Standing in waist-high water casting dry flies for wild Alaska salmon was something that, until last Saturday, I've wanted to do since visiting Southeast Alaska for the first time nine months ago.
That changed some, though, during a four-hour fly-fishing clinic, in which I learned about a sport that requires more time and discipline than I thought.
The real rub here is that I'm an unabashed city boy who discovered that, while learning to work some 80 feet of 5-pound-test line with a 9-foot graphite fly rod, I don't have the dominant outdoor gene and will have to work to develop it, at least as it relates to hunting and gathering. A serious hook-and-bullet guy I ain't; in fact, my idea of roughing it, heretofore, has been to bunk in a metro hotel that doesn't have 24-hour room service. I'm getting over that.
If I'm to adapt to the outdoors here in L.A. (Lower Alaska) it will surely be my love of - and for - photography that draws it out. Other than that I may be, at best, a pseudo camper/hunter/fisher.
What I learned in a half-day introduction to fly fishing is this: It is, ultimately, an endeavor for those who are serious about it. While living in the Southeastern U.S., prior to moving to Alaska, I played a round of golf here and there, and that was about the extent of my desire for real outdoor involvement. The fly-fishing thing is not at all unlike spending a day on the links and that's not entirely good because either sport requires time, practice and a lot of desire ("dee-zar" in the Southern vernacular). That same practice and desire comes much more easily with a camera, with which I could spend all day outdoors.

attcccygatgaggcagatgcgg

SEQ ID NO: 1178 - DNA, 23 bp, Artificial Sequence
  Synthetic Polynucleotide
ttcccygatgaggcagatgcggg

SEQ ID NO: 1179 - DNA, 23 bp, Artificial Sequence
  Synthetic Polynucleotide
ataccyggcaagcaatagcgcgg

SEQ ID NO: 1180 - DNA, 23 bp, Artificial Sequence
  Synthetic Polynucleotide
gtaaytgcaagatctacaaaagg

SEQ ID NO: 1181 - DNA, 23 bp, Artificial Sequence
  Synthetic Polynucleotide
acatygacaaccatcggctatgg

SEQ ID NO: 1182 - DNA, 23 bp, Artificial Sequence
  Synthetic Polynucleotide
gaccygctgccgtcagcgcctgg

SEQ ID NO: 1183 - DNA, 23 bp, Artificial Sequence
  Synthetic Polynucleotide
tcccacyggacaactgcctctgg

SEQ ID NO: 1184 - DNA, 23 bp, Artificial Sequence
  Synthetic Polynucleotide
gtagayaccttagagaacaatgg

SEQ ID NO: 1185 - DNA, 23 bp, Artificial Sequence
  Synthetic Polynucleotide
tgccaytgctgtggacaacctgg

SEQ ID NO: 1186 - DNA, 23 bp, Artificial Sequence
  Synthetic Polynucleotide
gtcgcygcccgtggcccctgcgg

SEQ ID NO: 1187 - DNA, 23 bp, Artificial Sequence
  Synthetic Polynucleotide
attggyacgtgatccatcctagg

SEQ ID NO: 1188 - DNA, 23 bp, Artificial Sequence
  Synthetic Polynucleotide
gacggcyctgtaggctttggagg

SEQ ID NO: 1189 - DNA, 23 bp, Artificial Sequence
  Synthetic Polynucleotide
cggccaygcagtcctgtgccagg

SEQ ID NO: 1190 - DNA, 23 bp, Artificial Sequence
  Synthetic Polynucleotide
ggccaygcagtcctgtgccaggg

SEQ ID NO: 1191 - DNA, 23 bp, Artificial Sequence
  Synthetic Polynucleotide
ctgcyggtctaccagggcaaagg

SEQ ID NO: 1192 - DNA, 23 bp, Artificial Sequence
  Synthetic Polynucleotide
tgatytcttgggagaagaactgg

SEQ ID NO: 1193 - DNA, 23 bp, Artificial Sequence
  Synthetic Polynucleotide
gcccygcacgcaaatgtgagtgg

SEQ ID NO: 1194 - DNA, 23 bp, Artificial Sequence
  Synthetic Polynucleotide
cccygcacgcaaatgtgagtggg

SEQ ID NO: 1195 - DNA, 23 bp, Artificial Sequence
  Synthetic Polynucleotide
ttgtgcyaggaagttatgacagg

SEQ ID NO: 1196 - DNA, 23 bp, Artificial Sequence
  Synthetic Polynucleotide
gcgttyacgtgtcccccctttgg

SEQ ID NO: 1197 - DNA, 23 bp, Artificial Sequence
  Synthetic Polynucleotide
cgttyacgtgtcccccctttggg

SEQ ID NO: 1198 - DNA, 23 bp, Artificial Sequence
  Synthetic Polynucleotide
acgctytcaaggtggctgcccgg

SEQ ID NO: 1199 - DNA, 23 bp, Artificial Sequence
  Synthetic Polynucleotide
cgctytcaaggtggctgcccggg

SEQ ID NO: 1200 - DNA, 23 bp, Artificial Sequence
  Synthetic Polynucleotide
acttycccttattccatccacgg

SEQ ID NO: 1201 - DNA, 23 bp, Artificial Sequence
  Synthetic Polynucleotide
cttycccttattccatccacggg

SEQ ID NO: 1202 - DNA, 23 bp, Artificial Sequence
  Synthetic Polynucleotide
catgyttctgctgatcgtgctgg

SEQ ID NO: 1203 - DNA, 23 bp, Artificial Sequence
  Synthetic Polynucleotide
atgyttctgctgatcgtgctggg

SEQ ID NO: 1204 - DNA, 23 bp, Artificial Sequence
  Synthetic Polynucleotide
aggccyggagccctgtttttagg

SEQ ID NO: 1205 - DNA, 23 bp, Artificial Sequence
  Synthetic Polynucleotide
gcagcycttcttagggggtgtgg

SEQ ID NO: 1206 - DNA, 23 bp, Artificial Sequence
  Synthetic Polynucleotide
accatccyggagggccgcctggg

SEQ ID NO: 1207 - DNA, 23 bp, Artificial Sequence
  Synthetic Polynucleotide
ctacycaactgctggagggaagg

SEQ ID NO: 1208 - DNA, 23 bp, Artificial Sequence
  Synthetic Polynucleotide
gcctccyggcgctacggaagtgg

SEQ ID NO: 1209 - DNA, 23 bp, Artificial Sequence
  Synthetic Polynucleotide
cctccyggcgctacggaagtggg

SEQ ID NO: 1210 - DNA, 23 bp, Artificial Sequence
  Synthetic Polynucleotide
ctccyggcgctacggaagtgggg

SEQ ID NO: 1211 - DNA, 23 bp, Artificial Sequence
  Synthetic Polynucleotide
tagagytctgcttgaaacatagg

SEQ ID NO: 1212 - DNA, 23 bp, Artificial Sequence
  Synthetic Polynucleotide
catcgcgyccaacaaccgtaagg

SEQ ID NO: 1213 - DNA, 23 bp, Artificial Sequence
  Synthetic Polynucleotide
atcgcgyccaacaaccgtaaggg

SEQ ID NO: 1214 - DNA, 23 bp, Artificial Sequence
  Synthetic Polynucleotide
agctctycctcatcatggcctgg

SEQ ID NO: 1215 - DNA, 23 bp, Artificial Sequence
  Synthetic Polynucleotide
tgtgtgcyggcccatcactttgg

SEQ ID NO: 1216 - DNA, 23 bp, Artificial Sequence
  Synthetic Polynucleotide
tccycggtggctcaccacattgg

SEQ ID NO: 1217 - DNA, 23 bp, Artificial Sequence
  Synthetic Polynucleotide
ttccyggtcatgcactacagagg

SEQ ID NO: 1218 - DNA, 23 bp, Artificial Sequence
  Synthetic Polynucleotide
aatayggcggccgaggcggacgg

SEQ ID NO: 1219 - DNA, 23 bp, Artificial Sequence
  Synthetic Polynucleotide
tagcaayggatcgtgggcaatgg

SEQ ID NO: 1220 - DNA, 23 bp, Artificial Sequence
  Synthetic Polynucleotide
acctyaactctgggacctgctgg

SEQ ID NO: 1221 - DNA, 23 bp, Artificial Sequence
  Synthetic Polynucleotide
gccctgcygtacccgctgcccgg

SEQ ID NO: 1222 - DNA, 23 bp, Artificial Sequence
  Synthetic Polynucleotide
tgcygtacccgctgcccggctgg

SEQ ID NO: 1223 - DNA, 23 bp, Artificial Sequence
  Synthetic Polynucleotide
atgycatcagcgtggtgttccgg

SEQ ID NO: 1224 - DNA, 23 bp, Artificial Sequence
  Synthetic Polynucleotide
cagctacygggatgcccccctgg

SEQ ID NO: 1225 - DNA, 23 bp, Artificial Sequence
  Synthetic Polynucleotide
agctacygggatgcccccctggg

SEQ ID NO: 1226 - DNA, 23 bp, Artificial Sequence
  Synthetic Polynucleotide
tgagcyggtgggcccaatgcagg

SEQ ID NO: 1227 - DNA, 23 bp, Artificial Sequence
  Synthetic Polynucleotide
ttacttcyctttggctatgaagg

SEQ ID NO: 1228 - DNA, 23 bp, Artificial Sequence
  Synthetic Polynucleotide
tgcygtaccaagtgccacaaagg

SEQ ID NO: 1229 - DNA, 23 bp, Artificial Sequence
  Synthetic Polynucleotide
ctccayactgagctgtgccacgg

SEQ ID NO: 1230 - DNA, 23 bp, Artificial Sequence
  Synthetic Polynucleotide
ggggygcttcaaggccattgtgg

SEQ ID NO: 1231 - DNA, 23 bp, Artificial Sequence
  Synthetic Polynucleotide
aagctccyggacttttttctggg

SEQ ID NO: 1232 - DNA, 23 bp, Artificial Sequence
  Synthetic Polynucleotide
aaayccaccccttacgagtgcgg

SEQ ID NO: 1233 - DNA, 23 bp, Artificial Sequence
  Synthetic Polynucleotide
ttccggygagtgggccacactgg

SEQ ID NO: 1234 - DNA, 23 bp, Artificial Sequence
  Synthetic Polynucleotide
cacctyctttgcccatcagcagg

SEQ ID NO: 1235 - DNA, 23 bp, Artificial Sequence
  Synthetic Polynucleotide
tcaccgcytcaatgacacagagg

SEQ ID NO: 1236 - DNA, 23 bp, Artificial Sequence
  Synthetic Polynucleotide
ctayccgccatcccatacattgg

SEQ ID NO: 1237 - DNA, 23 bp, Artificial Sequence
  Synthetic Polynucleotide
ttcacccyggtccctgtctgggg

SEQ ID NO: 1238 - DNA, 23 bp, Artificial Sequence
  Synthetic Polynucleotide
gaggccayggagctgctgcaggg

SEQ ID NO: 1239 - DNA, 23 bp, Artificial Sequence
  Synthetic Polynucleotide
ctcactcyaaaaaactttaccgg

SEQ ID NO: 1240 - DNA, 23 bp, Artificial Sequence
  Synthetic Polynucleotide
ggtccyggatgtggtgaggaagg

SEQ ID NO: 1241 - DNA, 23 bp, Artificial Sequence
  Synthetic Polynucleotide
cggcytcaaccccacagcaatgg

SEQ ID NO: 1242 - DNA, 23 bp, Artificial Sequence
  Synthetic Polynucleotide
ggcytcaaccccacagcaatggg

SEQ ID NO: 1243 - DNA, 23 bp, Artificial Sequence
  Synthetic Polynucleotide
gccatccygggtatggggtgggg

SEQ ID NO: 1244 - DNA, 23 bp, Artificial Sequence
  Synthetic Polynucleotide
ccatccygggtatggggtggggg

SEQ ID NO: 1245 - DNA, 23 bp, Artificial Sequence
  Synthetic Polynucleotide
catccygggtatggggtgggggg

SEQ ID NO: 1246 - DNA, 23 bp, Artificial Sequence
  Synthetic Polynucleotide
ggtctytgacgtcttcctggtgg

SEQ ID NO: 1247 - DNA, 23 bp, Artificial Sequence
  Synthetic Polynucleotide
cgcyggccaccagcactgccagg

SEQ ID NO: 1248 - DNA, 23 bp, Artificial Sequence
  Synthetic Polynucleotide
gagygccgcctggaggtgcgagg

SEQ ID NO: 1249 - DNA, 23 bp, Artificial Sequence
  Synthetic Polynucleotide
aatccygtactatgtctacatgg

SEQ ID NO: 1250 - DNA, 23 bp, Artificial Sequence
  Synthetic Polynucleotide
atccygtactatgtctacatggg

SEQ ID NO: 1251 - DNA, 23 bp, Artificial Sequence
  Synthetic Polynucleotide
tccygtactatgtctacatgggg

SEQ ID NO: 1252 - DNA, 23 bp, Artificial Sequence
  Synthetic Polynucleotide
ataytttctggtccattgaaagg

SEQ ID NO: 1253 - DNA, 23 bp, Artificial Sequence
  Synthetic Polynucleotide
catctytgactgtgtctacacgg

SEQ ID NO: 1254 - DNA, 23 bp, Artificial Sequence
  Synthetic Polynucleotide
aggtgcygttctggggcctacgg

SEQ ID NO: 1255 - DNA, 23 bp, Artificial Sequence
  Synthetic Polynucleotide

Prior to last week's clinic I had been on one fly-fishing trip with my father-in-law in the foothills of the Blue Ridge Mountains in western North Carolina. The month was July, the weather hotter than blazes, the humidity high and the conditions almost insufferable. The water in the mountain stream, however, was cool and clear, the only thing that kept me on point for more than a couple of hours.
As we fished for some puny 3-pound speckled or rainbow trout, David, my father-in-law, reminded me early and often that there were no fish in the trees - his way of saying my casting skills were abysmal. That day he had the patience of Job with me. I, however, had the affliction relative to my inability to display any aptitude for rod and reel.
Last Saturday I learned much more than I thought I would during an introductory fishing course, and that may ultimately mean I spend less time practicing the art than I do enjoying what many would rate as a mediocre experience by real fly fishers.
At the end of the day I thought quite a bit about fly fishing as it relates to photography or golf, and the best thing about any of the three, I think, is just being there. I've played some awful rounds of golf that were quite memorable only because of the beauty of the course played or the company I enjoyed. Similarly, I've taken many basic snapshots that mean much to me because of where - or with whom - I was at the time they were taken.
Before summer ends here in Southeast I do want to catch what I'd consider to be a trophy salmon by fly rod. But am I likely to become a devoted disciple of the sport? Well, no, and here's why:
A great fishing trip could, for me, involve everything but the catching of fish. Consider this: Catch a floatplane to the river where you'd otherwise fish for salmon and have the pilot drop you for, say, four hours. In a fisherman's vest carry a camera body and a lens or two. And rather than a creel and fishing paraphernalia, how about a picnic basket with gourmet eats and a bottle or two of primo grape juice?
As with fly fishing, the afternoon could be spent walking pristine shoreline, photographing landscape or aquatic or land-based wildlife, and indulging yourself in some gourmet snacks. After a return trip home - one on which your pilot gives you a chamber-of-commerce view of the sunset behind the mountains, you can sit on the couch and share with your spouse what a great fishing trip you had; the fishing in this case, however, was for photos and a few silky-smooth rocks on the river bank.
I'm doing my best to transition from the city to the great outdoors. Do know, however, that for now I'm a fool for the city, one who enjoys the lights of Juneau's night skyline as much as I do the lights of the northern sky.
Robert Hale is publisher of the Juneau Empire